Do private jet aircraft remain with the client before flying back to home base?
When you’re flying on a round-trip flight, operators in the USA charge a two-hour minimum per day. This applies to aircraft that are super midsize or smaller; for larger jets, the minimum is 2½ hours per day or the total daily flight time, whichever is greater.
For example, let’s say you book a New York – Los Angeles flight on a super midsize jet, returning six days later. The flight is only 10 hours; however, because of the two-hour minimum charge per day, you’ll be charged for a total of 12 hours – the greater of the two amounts.
For this reason, it’s often more practical to book two round trips than to keep the aircraft. Here’s an example from New York to Bermuda, where it’s cheaper to return the plane to base:
|Route(s)||Dates||Flight Time Per Leg||Total Flight Time||Additional Charge for Two-Hour Minimum Per Day||Total Hours Charged|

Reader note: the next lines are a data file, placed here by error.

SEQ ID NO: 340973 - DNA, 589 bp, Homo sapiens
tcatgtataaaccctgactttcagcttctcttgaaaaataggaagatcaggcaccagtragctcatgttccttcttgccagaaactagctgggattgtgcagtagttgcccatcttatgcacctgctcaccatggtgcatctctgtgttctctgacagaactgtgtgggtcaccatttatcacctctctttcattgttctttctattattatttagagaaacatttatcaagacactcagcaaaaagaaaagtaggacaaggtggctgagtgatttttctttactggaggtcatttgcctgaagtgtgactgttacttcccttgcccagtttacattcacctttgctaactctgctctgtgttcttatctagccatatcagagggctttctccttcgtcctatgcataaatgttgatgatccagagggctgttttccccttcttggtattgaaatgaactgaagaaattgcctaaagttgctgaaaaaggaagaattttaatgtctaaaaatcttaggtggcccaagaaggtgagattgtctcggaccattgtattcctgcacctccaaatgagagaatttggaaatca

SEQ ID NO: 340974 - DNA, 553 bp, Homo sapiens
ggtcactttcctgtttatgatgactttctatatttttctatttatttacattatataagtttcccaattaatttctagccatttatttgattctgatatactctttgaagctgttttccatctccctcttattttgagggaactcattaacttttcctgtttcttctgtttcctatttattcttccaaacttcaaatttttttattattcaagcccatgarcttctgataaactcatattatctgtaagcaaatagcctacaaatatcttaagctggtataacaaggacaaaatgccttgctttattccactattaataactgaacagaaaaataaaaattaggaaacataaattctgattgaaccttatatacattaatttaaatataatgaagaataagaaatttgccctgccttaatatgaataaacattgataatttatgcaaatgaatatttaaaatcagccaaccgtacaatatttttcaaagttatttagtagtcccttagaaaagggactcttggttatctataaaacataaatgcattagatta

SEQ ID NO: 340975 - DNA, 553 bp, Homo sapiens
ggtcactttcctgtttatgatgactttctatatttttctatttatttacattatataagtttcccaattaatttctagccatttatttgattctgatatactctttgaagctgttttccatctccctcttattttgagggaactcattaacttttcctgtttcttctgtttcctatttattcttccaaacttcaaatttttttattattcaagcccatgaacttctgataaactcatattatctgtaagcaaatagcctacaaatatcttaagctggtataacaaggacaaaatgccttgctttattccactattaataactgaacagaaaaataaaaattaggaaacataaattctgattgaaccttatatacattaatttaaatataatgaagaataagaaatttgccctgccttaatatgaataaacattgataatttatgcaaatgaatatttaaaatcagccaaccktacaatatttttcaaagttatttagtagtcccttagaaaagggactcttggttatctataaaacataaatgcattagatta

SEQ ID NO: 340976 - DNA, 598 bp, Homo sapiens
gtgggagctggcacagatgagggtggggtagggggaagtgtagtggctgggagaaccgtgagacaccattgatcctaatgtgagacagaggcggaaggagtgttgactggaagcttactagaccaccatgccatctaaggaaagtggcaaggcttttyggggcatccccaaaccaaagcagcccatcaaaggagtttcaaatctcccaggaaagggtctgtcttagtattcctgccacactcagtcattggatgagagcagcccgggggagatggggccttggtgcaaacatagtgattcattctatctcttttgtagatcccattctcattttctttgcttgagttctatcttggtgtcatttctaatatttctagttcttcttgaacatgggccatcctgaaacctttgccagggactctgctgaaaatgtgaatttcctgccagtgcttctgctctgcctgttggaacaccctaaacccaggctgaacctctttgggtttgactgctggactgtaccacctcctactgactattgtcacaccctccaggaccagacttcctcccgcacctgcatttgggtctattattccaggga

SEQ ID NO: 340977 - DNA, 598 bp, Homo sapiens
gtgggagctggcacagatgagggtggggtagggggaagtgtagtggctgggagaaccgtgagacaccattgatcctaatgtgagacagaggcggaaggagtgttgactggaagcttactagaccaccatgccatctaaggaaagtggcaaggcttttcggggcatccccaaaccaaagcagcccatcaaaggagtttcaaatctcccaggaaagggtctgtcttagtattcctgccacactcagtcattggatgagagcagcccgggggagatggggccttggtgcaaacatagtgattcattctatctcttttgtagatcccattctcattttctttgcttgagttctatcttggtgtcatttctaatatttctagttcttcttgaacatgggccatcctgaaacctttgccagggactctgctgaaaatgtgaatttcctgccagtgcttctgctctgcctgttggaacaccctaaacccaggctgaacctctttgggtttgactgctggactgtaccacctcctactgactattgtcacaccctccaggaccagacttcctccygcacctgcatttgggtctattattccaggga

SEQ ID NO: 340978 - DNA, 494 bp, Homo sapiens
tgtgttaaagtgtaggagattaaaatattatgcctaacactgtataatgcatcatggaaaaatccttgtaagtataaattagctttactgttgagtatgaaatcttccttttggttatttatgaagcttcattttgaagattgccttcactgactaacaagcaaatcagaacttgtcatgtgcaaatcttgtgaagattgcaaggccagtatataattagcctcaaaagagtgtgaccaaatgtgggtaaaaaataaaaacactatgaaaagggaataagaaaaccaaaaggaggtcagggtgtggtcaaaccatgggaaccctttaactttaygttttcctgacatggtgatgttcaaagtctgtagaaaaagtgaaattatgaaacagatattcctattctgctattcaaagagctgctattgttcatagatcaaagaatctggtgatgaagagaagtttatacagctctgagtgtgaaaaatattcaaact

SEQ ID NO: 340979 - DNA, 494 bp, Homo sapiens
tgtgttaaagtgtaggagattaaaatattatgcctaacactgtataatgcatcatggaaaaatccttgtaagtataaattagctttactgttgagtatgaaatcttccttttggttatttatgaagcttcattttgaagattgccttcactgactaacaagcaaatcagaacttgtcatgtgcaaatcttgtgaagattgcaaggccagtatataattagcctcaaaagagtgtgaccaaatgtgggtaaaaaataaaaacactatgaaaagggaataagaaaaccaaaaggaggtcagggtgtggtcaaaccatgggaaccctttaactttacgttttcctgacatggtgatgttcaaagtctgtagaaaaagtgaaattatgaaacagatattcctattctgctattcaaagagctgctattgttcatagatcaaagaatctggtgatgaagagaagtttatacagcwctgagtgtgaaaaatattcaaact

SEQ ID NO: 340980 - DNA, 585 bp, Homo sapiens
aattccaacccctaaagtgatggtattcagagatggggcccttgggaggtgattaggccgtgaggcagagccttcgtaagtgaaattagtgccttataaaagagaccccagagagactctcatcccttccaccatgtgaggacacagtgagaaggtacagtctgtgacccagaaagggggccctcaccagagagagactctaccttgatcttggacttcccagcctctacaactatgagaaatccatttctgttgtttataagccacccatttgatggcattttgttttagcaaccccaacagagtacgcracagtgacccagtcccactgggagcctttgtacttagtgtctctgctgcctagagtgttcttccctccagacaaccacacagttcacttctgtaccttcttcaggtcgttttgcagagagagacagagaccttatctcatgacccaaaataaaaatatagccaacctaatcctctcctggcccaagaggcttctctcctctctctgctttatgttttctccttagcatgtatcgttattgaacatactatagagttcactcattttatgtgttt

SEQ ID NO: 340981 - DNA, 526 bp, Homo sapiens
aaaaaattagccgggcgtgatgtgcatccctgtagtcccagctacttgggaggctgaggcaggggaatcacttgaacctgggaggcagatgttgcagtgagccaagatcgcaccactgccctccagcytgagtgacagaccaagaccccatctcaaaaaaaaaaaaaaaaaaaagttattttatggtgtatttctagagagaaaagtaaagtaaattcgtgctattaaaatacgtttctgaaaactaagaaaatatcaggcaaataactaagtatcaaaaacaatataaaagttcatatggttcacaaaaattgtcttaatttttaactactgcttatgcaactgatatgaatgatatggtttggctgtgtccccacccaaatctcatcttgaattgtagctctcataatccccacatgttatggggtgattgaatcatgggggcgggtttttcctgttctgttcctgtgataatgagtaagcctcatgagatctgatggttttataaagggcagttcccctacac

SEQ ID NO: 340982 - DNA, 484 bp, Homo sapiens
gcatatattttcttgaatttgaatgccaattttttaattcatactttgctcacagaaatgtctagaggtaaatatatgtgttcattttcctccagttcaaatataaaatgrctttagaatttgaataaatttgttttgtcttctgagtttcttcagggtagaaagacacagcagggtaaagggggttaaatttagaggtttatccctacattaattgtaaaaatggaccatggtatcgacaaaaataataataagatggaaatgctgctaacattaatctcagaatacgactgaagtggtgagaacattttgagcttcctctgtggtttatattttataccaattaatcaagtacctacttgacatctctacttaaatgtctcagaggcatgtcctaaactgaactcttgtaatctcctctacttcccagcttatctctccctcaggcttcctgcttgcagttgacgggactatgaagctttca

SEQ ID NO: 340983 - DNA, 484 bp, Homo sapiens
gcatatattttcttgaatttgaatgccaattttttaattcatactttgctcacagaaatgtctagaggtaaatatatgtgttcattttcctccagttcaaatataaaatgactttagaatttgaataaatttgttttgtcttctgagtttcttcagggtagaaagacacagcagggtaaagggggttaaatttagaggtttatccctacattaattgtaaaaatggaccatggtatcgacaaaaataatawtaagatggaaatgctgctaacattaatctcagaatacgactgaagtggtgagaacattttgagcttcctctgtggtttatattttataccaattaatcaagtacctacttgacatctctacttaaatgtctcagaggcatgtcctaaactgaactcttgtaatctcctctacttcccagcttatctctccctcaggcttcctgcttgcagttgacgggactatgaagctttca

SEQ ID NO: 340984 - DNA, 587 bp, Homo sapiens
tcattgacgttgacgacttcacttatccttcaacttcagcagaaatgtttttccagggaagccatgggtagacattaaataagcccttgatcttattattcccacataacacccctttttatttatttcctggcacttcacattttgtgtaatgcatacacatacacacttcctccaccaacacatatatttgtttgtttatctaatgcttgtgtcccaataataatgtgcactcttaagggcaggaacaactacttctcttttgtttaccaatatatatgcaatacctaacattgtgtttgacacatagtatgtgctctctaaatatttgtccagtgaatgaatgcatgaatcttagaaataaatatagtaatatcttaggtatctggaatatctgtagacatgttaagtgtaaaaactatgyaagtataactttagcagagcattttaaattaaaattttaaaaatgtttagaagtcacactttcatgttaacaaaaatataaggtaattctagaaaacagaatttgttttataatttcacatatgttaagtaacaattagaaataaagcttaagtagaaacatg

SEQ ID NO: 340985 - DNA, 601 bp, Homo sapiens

|New York – Bermuda (Single round trip)||Depart - Jan 1|
Return - Jan 5
|New York – Bermuda (Double round trip)||Journey 1:|
Depart - Jan 1
Aircraft returns - Jan 1
Aircraft flies to pick up passengers - Jan 5
Return - Jan 5
As you can see, it’s cheaper to fly the plane back and forth than to pay for it to remain with you. However, for longer trips, it may well be cheaper to keep the plane nearby.
For example, New York – Los Angeles is a 10-hour flight. This means you can keep the plane for up to five days without an additional charge (except for overnight crew costs). If you have a three-day trip from New York to Los Angeles, you can extend it to five days and only pay for the additional crew overnights.